Indonesia and Australia are working together to prepare for 2030 and beyond.

The Challenge

Two very different nations

Dr James Butler with Dr Aluh Nikmatullah from the University of Mataram and local seaweed farmers at Lombok, Indonesia.  ©CSIRO, Adam Harper

The Asian economic region is transforming rapidly, presenting new opportunities that require greater collaboration between Australia and Indonesia on shared issues.

Although the two countries are very different culturally, they share many similar economic and resource management issues.

The challenge for the joint Australia-Indonesia Foresighting Project was to identify shared issues and to exchange information on options for achieving sustainable development for both nations.

Our Response

Exploring megatrends

We brought together experts from leading universities, research institutions, businesses and government in both countries to carry out participatory foresighting for four research themes or clusters. These were:

Organic rice field, Jakarta Indonesia.  © Yulianto Hadi Prasetyo, Flickr

By exploring megatrends towards 2030 and beyond, our researchers support government and industry leaders in both countries to make important decisions on joint issues.

The foresighting process helps leaders identify, anticipate and proactively respond to forthcoming change which has the potential to harm or help an organisation, community or larger population.

The Results

Looking towards 2030 and beyond

Some of the key issues and trends identified were:

Indonesian expertise in the processing of halal food could support Australian agriculture’s engagement with the world’s growing Muslim market.

Australian and Indonesia could share innovations in renewable energies such as micro-hydro power. Pictured is a power station in Lombok.

  • Indonesia is one of the world's largest Muslim nations. The growth in demand for halal food is an opportunity for Australian food processors to learn from Indonesians about halal food production and marketing. Indonesian expertise in the processing of halal food could support Australian agriculture’s engagement with the world’s growing Muslim market.
  • Movements of people and goods through trade routes such as the 'Maritime Silk Road' will increase, elevating biosecurity threats for both countries. To improve biosecurity management for the region, effective collaborations will be necessary between Indonesian and Australian agencies.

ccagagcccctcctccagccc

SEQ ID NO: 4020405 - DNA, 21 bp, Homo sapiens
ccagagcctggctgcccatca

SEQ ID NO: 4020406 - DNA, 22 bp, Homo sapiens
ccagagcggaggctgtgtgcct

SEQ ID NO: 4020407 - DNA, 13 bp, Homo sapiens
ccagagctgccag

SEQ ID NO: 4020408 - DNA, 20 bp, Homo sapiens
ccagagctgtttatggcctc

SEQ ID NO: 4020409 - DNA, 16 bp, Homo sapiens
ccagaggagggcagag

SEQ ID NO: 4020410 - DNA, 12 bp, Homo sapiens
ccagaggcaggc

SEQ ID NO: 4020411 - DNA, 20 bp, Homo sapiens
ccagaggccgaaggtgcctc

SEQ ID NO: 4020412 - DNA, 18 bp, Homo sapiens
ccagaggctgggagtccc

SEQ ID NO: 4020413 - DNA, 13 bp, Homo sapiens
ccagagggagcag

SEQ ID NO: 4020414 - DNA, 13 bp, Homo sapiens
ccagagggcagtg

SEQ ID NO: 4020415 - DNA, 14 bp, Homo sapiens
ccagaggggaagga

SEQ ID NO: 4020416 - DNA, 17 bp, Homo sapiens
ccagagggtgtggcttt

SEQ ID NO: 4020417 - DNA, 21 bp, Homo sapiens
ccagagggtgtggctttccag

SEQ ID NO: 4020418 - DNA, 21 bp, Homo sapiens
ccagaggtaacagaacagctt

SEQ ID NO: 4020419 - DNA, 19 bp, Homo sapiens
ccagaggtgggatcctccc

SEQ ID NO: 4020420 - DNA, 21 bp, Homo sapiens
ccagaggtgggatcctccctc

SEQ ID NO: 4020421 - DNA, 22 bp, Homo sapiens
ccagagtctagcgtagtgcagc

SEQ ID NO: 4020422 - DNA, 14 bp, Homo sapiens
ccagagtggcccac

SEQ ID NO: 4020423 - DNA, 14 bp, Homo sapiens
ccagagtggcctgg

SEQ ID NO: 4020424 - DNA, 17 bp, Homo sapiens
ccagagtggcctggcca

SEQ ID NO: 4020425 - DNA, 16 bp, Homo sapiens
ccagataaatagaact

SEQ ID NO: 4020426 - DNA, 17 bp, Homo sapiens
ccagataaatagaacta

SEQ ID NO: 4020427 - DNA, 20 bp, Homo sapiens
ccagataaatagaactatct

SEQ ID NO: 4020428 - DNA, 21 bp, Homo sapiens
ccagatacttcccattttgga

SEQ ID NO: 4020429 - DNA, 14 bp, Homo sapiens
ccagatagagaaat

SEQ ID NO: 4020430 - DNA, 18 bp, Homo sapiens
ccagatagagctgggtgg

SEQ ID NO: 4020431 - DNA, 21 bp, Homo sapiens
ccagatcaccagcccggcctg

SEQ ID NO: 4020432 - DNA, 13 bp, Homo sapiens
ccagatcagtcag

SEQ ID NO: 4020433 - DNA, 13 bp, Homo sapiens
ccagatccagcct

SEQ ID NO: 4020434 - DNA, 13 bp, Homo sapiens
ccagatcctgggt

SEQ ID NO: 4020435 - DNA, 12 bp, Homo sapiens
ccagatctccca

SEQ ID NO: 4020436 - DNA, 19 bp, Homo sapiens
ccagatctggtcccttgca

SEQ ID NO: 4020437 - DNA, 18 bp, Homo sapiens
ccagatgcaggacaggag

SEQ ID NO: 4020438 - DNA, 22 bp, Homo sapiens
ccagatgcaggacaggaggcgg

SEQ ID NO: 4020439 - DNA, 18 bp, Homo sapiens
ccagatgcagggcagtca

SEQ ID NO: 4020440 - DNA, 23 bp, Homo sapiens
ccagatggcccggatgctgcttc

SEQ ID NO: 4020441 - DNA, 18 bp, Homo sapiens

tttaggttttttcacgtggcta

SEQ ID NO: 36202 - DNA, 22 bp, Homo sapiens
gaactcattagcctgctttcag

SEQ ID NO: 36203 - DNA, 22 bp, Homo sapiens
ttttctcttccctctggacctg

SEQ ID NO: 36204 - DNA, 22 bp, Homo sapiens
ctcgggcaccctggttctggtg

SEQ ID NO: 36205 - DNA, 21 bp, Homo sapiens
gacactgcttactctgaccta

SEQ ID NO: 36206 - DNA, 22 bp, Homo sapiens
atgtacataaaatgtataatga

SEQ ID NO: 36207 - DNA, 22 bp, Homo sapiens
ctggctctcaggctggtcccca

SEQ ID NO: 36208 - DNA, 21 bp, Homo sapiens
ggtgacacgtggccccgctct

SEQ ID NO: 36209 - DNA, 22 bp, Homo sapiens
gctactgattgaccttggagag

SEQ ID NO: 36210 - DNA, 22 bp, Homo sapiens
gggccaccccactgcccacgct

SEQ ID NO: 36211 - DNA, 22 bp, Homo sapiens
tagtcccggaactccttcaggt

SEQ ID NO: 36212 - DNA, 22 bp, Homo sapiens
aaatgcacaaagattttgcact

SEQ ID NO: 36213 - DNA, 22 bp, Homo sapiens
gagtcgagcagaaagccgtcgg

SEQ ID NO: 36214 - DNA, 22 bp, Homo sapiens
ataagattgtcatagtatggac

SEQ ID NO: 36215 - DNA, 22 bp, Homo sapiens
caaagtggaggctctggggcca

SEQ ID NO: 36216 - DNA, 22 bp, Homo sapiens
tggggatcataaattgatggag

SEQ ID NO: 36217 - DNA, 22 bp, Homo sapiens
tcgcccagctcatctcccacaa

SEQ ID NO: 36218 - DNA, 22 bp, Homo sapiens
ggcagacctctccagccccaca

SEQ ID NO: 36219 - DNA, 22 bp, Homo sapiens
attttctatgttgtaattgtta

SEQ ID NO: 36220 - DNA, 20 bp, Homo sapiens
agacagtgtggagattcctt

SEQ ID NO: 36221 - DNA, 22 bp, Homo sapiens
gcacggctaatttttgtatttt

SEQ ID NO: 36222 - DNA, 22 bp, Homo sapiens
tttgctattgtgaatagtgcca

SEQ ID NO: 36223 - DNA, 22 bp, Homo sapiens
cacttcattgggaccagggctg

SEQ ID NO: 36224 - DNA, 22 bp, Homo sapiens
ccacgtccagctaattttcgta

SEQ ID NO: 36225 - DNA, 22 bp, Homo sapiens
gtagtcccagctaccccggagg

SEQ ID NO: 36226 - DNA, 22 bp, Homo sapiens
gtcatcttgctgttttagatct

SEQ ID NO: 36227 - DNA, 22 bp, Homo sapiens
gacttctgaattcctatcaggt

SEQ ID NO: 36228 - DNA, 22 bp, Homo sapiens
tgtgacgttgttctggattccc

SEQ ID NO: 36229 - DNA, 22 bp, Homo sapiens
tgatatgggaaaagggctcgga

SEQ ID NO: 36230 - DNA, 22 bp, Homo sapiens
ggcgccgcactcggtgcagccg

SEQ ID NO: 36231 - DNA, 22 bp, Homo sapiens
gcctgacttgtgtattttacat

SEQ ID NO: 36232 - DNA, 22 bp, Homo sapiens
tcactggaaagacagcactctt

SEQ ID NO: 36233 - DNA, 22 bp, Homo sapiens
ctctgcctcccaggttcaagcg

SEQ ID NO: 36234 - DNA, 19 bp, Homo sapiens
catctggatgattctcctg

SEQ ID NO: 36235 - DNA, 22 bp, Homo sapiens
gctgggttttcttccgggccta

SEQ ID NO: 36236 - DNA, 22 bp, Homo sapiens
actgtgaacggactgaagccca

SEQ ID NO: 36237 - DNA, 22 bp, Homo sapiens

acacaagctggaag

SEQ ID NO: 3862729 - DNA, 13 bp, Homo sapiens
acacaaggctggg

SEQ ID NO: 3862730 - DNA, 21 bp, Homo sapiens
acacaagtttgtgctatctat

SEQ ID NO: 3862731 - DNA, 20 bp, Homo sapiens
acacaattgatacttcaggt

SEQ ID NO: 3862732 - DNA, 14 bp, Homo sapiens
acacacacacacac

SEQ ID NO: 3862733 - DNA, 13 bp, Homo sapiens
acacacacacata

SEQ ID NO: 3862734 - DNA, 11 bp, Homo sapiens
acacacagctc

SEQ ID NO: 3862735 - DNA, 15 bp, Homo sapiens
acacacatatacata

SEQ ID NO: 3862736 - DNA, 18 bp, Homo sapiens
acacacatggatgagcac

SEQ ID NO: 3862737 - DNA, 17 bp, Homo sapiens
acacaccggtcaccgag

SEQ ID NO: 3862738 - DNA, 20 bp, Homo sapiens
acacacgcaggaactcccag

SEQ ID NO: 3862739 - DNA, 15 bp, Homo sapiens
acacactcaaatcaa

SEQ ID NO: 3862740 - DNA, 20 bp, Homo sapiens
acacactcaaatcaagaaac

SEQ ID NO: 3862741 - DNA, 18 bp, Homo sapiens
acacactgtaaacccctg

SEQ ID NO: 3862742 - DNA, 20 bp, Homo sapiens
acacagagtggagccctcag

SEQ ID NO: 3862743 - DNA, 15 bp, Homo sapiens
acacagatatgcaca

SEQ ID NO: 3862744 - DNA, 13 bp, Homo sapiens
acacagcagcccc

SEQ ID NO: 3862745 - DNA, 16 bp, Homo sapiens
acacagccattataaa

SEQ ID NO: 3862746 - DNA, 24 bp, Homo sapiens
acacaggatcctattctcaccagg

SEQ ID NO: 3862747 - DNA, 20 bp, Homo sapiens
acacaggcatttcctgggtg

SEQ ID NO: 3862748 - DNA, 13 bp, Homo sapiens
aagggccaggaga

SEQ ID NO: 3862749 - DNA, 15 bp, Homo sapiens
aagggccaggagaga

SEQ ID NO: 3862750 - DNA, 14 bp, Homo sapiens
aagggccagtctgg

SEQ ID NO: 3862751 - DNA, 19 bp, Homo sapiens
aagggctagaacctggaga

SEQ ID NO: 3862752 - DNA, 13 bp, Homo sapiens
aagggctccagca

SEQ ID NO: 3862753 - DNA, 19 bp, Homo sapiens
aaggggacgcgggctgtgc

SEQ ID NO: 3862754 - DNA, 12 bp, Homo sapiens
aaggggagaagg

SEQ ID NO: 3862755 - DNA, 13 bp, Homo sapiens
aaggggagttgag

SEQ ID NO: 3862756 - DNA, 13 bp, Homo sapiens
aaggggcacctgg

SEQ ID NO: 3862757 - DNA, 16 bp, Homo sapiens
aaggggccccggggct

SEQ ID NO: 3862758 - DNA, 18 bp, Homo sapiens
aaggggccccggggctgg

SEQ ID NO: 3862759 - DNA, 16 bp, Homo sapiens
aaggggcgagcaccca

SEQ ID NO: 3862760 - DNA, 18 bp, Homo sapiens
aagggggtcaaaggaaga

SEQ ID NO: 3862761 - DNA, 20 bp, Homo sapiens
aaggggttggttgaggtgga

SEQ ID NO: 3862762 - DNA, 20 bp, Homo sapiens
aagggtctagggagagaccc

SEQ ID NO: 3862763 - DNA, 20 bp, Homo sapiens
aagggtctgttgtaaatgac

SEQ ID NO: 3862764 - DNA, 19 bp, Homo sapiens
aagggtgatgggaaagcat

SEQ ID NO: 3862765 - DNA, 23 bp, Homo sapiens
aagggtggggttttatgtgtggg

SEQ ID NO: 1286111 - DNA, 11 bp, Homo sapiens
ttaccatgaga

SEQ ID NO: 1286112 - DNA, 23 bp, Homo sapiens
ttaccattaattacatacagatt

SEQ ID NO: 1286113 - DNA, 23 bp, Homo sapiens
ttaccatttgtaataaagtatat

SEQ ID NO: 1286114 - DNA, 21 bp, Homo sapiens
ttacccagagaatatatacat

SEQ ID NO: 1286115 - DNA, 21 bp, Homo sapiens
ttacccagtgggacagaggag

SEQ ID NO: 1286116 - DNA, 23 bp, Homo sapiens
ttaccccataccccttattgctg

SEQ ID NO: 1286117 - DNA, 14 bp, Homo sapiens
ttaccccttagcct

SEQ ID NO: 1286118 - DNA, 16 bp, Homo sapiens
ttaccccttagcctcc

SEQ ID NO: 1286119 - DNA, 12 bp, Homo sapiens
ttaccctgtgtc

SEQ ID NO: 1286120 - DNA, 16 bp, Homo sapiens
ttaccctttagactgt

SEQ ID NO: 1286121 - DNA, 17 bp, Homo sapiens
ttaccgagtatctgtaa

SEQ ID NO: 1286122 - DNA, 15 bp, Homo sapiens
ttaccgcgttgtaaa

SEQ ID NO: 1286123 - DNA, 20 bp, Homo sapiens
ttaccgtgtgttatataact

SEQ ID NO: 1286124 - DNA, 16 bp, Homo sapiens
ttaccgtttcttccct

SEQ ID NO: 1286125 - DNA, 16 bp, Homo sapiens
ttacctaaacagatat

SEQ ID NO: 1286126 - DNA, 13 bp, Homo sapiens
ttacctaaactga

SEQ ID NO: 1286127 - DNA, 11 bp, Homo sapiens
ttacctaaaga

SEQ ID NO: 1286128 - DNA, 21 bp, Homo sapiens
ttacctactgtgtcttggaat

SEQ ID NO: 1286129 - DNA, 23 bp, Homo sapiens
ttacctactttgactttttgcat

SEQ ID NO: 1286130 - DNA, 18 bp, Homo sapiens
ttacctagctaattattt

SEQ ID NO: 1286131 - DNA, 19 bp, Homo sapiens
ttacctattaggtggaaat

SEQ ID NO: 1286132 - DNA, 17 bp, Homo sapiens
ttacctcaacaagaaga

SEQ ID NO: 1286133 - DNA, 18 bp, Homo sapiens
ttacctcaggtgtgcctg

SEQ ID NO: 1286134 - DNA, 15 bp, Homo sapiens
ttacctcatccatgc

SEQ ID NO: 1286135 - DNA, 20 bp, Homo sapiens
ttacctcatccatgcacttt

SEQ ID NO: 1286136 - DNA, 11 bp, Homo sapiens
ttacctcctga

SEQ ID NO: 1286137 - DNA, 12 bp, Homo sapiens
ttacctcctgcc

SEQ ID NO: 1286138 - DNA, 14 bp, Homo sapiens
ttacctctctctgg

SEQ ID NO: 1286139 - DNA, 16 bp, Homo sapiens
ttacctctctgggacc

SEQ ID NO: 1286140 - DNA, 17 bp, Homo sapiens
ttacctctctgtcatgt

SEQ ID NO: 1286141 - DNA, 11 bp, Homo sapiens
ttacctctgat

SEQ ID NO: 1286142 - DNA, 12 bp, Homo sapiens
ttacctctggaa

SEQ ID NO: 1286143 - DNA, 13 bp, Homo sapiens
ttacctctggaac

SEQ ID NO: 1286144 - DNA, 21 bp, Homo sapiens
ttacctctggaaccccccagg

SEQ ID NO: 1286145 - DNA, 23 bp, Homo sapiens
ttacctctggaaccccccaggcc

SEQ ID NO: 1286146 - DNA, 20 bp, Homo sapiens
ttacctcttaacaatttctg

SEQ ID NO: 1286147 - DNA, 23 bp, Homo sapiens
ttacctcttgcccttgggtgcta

• There will be opportunities for Indonesia and Australia to reduce their reliance on fossil fuels and to realise benefits from their substantial renewable energy resources. Research and innovation in energy-efficient supply and consumption could be better shared.
  • There is great potential for both nations to diversify energy supplies by importing directly from neighbouring countries. Australia could contribute to the Association of Southeast Asian Nations (ASEAN) power grid by developing and connecting its energy production via a high voltage subsea cable to Indonesia.
  • Health care costs will continue to rise in both countries, life expectancy and populations will grow further. As such, urbanisation and the linked incidence of non-communicable diseases will increase and inequalities between health care in urban and regional areas will continue. Sharing knowledge, strategies and skilled health care workers could help provide solutions to some of these problems.
  • Asian economic growth is expected to drive demand for new infrastructure and improvements to existing transport networks in both countries. Lessons on upgrading and integrating infrastructure networks to meet this demand could be shared between Indonesia and Australia.
  • Indonesia will require rapid improvement in port and shipping infrastructure, particularly in the eastern islands. Northern Australia will also be seeking to expand its maritime infrastructure, providing an opportunity for the sharing of lessons and innovations.

Maritime transport and infrastructure is a shared issue of growing importance for eastern Indonesia and northern Australia. Pictured is an Indonesian ferry.

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